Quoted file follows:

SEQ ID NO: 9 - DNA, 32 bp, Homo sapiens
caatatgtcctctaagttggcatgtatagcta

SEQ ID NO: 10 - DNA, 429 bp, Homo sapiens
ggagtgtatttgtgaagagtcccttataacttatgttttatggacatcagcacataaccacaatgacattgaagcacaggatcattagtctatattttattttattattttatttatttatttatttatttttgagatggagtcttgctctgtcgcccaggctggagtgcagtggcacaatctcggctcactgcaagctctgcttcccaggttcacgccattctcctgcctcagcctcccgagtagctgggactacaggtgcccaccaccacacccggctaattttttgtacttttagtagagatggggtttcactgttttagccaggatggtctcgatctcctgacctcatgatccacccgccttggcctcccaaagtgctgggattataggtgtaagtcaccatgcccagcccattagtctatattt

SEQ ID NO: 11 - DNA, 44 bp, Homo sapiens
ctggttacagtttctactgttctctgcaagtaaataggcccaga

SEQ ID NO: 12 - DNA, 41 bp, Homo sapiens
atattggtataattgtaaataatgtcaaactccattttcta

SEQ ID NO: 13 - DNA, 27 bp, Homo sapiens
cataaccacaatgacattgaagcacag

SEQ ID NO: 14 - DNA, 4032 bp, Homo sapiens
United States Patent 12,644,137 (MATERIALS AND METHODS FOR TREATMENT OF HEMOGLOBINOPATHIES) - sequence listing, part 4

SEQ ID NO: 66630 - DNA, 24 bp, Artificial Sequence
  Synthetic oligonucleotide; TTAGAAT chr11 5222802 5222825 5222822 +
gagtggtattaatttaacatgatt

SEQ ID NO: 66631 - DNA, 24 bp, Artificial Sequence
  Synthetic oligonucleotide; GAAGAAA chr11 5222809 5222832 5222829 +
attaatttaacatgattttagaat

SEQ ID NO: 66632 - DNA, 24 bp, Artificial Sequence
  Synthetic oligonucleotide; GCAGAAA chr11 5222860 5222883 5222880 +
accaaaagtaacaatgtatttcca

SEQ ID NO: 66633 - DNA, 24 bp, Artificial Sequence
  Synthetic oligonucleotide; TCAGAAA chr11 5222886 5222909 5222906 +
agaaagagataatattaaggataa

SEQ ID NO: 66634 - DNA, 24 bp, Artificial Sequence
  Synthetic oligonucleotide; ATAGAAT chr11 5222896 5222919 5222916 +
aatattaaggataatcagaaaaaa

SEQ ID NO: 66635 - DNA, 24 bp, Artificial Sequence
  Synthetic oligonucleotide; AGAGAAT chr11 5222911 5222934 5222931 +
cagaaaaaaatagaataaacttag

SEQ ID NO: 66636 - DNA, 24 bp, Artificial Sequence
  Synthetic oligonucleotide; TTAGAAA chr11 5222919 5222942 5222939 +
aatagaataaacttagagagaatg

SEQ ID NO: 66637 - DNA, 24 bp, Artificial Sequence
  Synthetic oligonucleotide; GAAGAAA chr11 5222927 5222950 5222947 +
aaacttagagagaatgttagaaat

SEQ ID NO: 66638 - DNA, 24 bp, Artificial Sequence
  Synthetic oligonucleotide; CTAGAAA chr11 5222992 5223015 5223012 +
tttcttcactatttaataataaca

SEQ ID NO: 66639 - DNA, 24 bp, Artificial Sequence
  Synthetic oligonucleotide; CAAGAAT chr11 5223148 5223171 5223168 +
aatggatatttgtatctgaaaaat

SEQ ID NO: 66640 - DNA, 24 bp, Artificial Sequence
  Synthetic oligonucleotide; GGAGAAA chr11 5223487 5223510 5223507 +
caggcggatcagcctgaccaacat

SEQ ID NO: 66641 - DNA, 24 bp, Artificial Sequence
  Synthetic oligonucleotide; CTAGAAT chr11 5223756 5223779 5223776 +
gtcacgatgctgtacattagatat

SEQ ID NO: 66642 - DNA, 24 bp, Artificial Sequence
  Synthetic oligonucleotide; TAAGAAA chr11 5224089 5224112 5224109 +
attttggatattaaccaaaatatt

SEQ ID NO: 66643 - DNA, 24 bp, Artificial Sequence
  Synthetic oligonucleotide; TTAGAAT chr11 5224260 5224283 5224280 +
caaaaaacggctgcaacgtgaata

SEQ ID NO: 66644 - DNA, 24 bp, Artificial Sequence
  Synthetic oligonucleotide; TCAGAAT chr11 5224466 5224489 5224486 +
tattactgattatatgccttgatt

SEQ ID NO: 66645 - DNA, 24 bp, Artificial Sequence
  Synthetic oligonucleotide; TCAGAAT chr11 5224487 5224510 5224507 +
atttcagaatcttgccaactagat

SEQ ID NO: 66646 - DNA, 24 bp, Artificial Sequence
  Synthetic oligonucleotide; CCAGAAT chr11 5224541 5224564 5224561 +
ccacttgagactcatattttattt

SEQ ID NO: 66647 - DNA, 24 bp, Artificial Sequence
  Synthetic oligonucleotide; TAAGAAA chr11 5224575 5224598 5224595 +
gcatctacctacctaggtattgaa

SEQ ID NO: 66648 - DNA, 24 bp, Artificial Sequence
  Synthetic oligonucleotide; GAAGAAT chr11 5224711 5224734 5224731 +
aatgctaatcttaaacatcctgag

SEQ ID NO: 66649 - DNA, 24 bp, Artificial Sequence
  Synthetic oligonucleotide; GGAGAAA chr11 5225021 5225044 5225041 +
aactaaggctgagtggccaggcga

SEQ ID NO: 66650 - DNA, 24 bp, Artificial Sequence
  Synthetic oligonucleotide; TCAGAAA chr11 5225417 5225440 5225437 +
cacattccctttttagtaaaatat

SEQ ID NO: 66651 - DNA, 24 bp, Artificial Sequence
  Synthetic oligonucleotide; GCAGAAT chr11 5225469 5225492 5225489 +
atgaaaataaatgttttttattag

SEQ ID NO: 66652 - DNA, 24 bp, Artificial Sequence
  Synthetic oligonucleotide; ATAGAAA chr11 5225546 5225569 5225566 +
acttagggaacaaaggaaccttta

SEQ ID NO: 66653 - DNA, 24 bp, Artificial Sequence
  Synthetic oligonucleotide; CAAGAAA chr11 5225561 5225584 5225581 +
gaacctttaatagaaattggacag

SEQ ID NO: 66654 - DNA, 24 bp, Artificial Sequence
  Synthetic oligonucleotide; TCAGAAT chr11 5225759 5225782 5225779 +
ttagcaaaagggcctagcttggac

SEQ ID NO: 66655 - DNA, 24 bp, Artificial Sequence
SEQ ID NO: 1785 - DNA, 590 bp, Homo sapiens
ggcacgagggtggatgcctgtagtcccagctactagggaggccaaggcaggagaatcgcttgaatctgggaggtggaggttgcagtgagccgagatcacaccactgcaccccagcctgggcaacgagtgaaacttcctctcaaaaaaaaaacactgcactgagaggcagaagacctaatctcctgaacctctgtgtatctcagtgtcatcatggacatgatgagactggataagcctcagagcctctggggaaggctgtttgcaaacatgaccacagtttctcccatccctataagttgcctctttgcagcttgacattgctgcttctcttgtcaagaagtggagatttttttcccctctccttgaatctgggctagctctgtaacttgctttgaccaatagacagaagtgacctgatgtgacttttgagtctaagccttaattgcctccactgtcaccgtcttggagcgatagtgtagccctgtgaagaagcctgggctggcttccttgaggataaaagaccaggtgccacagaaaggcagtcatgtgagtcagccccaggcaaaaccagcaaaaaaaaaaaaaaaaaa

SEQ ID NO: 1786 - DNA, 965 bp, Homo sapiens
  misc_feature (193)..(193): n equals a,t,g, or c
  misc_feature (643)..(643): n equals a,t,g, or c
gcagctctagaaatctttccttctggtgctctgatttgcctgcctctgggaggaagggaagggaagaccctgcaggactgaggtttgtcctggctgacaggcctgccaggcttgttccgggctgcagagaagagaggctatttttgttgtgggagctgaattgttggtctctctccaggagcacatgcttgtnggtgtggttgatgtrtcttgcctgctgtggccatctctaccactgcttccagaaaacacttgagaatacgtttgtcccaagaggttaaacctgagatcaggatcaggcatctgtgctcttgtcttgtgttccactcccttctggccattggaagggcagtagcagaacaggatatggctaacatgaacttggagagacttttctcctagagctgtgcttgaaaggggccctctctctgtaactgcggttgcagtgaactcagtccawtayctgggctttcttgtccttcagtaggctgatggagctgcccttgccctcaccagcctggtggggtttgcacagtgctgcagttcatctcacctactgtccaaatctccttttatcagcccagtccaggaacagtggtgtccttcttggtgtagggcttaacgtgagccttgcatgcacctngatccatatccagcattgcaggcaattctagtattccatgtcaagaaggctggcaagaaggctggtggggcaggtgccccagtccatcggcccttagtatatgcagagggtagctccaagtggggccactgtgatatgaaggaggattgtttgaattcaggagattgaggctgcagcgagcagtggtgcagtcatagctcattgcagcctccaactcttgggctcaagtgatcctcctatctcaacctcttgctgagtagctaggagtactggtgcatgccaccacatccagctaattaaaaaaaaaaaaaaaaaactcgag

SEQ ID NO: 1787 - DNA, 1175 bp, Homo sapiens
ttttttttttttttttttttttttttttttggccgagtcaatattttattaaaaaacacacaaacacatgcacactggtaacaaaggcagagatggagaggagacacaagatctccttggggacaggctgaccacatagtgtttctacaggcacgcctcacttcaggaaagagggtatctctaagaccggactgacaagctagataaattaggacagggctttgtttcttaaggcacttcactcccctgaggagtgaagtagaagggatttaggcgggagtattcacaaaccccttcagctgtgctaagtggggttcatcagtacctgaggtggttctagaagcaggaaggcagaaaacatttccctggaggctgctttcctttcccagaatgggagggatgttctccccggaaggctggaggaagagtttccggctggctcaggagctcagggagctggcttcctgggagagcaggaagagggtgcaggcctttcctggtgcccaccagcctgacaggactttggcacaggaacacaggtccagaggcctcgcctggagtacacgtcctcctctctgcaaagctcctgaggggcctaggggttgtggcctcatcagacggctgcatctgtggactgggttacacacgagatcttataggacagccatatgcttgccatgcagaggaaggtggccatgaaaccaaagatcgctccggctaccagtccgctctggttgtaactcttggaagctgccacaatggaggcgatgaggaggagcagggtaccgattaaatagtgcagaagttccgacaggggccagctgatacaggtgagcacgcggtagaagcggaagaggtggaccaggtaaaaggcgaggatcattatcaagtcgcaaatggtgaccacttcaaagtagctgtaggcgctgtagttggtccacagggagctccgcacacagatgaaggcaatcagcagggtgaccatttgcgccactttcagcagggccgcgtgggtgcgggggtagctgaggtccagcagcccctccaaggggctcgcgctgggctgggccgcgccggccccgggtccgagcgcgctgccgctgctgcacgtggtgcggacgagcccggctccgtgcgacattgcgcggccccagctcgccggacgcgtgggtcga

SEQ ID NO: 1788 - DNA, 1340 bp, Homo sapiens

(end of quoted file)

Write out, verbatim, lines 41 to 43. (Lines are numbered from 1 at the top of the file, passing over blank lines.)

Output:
  Synthetic oligonucleotide; CAAGAAT chr11 5223148 5223171 5223168 +
aatggatatttgtatctgaaaaat

SEQ ID NO: 66640 - DNA, 24 bp, Artificial Sequence